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Visitors take note of state’s rice, corn

Central America potential market by Cristina LaRue | September 1, 2023 at 1:52 a.m.
Heavy farm equipment is used to harvest a corn field near Lonoke on Monday, August 15, 2022. (Arkansas Democrat-Gazette/Colin Murphey)

NEWPORT -- Representatives of one of the largest importers and end-users of feed grains in Central America met Thursday with Arkansas Corn and Grain Sorghum Promotion Board representatives and Arkansas Department of Agriculture officials to learn more about corn production in Arkansas.

The representatives of Corporación Multi Inversiones, a multinational agri-industrial corporation based in Guatemala, met at the Jackson County Extension Center's new Arkansas Corn and Grain Sorghum Producers building for a presentation before taking a tour of nearby rice and corn fields at an operation run by third-generation farmer Tommy Young, chairman of the Arkansas Corn and Grain Sorghum Promotion Board.

The Arkansas Corn and Grain Sorghum Promotion Board is a member of the U.S. Grains Council, a national organization that promotes corn, barley and sorghum; the groups helped facilitate the visit with the Corporación Multi Inversiones representatives so they could learn about nutrition, specifically how to make better feed for their livestock, Young said.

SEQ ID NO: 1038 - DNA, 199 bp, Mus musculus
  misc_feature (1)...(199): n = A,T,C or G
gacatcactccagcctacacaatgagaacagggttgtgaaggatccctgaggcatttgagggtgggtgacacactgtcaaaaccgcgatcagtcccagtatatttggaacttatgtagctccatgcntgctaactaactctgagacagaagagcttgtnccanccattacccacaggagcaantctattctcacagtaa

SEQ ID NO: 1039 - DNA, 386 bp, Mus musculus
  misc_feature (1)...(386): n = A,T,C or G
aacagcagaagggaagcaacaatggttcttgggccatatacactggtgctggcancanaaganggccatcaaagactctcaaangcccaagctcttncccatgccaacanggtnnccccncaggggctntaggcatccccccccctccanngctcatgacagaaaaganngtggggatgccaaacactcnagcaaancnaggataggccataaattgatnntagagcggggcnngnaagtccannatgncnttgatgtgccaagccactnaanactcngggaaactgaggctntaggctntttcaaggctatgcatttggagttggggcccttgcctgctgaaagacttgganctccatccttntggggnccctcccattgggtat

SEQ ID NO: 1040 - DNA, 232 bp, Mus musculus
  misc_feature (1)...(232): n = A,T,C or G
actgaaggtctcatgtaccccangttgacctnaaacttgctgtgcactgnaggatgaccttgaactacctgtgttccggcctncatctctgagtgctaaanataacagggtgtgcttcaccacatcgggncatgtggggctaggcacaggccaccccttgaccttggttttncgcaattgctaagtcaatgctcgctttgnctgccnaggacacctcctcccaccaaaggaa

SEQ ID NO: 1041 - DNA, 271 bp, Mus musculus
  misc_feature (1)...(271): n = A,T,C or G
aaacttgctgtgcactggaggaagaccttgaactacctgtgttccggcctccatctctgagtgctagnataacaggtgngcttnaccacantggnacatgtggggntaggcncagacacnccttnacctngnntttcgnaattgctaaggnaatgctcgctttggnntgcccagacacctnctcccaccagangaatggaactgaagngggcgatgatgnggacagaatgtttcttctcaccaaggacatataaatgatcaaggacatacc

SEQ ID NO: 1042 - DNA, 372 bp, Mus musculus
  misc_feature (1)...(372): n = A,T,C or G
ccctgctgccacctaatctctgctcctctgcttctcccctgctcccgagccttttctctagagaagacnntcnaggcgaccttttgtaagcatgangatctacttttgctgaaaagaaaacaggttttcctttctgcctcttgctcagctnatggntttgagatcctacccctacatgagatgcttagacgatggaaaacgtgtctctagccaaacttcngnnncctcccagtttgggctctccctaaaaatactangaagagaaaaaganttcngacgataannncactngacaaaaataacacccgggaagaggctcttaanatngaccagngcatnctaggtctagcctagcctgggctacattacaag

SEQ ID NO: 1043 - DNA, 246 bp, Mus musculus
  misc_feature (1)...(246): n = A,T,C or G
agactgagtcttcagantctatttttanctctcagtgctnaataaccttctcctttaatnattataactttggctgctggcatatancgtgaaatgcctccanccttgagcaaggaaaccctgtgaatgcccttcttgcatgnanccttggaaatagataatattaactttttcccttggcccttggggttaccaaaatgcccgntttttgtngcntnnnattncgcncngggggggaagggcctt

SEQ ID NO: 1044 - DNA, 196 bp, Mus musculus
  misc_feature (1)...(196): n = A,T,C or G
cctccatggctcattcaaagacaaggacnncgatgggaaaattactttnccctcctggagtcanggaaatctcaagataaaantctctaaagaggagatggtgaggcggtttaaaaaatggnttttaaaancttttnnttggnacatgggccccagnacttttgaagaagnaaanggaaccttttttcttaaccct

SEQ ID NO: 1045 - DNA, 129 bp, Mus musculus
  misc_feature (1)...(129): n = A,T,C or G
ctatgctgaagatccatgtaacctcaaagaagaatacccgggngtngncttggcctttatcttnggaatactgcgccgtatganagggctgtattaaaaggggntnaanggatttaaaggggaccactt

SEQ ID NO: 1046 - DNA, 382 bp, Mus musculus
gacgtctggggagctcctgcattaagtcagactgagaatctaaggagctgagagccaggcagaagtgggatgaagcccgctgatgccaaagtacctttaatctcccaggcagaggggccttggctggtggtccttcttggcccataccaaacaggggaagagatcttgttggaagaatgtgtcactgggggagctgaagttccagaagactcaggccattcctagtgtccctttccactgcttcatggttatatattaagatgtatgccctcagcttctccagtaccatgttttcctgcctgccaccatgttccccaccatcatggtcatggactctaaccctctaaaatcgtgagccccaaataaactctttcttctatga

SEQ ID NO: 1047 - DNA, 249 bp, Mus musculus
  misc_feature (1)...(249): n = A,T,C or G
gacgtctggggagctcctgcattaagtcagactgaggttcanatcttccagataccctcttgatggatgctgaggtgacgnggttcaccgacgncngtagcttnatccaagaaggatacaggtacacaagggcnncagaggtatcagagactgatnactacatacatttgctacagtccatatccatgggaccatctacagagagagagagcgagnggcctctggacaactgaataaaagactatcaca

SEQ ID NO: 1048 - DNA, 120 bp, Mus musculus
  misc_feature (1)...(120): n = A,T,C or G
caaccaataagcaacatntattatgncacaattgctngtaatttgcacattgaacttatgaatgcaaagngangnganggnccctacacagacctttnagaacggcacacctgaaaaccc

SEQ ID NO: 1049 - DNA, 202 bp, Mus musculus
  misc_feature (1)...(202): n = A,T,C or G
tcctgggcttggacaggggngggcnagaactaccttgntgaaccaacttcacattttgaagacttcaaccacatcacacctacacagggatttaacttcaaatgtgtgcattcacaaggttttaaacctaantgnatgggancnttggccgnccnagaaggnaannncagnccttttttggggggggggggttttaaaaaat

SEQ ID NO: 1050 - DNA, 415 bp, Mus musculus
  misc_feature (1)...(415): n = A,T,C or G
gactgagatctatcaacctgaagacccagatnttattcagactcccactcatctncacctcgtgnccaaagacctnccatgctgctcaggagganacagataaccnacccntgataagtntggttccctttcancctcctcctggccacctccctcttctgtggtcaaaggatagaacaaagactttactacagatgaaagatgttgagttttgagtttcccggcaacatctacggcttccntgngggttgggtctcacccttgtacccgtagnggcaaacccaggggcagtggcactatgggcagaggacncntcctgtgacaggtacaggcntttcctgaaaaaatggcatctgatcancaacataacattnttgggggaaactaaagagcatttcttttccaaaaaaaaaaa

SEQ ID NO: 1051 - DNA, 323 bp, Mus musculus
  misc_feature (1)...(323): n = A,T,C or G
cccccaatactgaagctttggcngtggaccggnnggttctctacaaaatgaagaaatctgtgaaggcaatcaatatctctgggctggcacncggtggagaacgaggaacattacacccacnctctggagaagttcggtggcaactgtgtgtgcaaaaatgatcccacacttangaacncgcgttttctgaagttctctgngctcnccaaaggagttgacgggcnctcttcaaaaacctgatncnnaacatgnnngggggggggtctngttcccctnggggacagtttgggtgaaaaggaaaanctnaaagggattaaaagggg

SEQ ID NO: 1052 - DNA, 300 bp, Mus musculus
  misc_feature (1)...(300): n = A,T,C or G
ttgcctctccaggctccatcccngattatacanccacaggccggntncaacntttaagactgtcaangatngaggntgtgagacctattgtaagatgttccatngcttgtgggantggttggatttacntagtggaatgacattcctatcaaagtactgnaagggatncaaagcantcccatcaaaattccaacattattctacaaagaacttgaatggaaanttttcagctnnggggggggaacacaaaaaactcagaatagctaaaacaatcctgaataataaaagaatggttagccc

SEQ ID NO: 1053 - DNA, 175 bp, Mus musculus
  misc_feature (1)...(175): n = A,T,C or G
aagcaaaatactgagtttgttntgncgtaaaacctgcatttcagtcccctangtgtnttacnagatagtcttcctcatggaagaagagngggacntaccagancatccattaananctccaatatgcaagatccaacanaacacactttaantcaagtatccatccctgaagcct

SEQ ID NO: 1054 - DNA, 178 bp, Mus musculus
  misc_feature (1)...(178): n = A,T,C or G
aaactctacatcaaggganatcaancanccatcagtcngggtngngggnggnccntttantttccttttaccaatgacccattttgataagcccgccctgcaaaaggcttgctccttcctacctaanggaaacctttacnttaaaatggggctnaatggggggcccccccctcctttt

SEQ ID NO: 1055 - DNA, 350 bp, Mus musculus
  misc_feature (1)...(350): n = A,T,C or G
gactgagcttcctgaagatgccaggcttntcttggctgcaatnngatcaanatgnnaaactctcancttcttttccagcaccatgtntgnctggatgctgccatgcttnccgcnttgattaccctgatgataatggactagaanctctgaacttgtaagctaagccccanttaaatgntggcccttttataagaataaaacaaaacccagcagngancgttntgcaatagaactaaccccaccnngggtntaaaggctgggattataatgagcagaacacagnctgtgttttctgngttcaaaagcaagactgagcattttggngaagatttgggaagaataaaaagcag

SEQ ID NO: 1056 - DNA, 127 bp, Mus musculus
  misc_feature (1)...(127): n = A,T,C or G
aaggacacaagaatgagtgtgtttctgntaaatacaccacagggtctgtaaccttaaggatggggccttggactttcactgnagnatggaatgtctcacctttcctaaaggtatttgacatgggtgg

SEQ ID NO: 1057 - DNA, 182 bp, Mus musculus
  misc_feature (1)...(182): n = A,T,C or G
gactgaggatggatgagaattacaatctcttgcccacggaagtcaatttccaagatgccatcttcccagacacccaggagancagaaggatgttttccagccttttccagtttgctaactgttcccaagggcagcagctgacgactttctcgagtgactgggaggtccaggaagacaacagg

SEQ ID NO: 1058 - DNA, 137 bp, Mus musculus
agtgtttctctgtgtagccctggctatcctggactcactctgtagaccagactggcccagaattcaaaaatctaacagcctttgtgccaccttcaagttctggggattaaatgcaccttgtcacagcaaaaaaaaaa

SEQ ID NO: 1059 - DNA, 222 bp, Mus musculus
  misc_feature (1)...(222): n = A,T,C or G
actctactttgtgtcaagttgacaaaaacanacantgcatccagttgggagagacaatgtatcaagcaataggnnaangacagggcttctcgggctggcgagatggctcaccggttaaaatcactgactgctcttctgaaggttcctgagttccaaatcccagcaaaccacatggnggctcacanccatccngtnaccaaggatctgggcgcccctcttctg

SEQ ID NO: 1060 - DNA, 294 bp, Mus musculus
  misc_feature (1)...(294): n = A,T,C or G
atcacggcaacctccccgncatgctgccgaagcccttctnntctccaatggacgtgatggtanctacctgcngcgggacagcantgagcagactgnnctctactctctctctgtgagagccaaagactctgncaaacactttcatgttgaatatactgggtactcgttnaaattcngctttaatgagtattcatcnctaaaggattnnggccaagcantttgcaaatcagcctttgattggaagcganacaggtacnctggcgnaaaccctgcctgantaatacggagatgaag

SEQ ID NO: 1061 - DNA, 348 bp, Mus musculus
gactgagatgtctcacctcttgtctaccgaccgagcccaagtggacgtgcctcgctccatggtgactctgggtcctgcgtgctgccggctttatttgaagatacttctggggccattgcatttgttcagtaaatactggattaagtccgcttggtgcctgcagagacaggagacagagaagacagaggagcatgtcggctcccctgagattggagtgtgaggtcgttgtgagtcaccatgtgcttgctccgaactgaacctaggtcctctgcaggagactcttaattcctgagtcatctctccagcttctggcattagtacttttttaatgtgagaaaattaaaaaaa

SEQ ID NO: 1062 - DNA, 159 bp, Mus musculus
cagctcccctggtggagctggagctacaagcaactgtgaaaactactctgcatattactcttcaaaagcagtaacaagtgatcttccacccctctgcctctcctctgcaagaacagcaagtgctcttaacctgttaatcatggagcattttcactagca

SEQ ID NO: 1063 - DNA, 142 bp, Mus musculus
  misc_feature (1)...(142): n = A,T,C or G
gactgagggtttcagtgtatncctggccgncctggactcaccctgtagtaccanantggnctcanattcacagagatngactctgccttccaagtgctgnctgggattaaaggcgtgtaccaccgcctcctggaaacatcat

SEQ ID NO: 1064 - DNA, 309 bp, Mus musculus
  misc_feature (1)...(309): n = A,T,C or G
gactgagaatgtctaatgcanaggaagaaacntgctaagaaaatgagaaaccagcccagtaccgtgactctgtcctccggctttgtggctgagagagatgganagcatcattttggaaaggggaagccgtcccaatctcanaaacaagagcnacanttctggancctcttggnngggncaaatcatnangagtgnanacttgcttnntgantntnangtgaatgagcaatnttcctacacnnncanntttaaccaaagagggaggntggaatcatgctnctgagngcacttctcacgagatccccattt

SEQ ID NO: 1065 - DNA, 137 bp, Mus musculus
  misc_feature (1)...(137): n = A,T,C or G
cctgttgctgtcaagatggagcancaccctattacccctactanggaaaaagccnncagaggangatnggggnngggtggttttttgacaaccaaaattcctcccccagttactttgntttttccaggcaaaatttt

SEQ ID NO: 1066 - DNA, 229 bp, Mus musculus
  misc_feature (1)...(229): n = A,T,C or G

"What this is doing, is it is enabling the Arkansas corn producer to be a part of a national thing to help promote corn and do it at minor cost," Young said. "This team came in at the beginning of the week and studied at Little Rock at a nutrition conference and we thought this would be a good way for them to see corn being produced in Arkansas and modern technology being used in Arkansas."

"This today is a side trip for them to be able to see the products," Young said.

Planted corn acreage has steadily increased over the decades since the early 1990s and the board has noted consistent yield increases over the years, Jackson County Extension Center staff chair Matthew Davis said.

"When I first got on the board, we grew about 250,000 acres of corn in Arkansas, and now, we're close to one million" acres, Young said.

Poultry is a major agricultural product in Arkansas, so corn for feed is important, Young said.

Arkansas ranked third in the nation for commercial broiler and turkey production, and second in the nation for chickens sold for slaughter in 2022, according to the U.S. Department of Agriculture's Livestock Inventory Rankings.

The representatives from Corporación Multi Inversiones were Roberto Sibrian, operations manager for a feed mill in El Salvador and Carlos Zapata with a company nutrition department based in Honduras.

Print Headline: Visitors take note of state’s rice, corn


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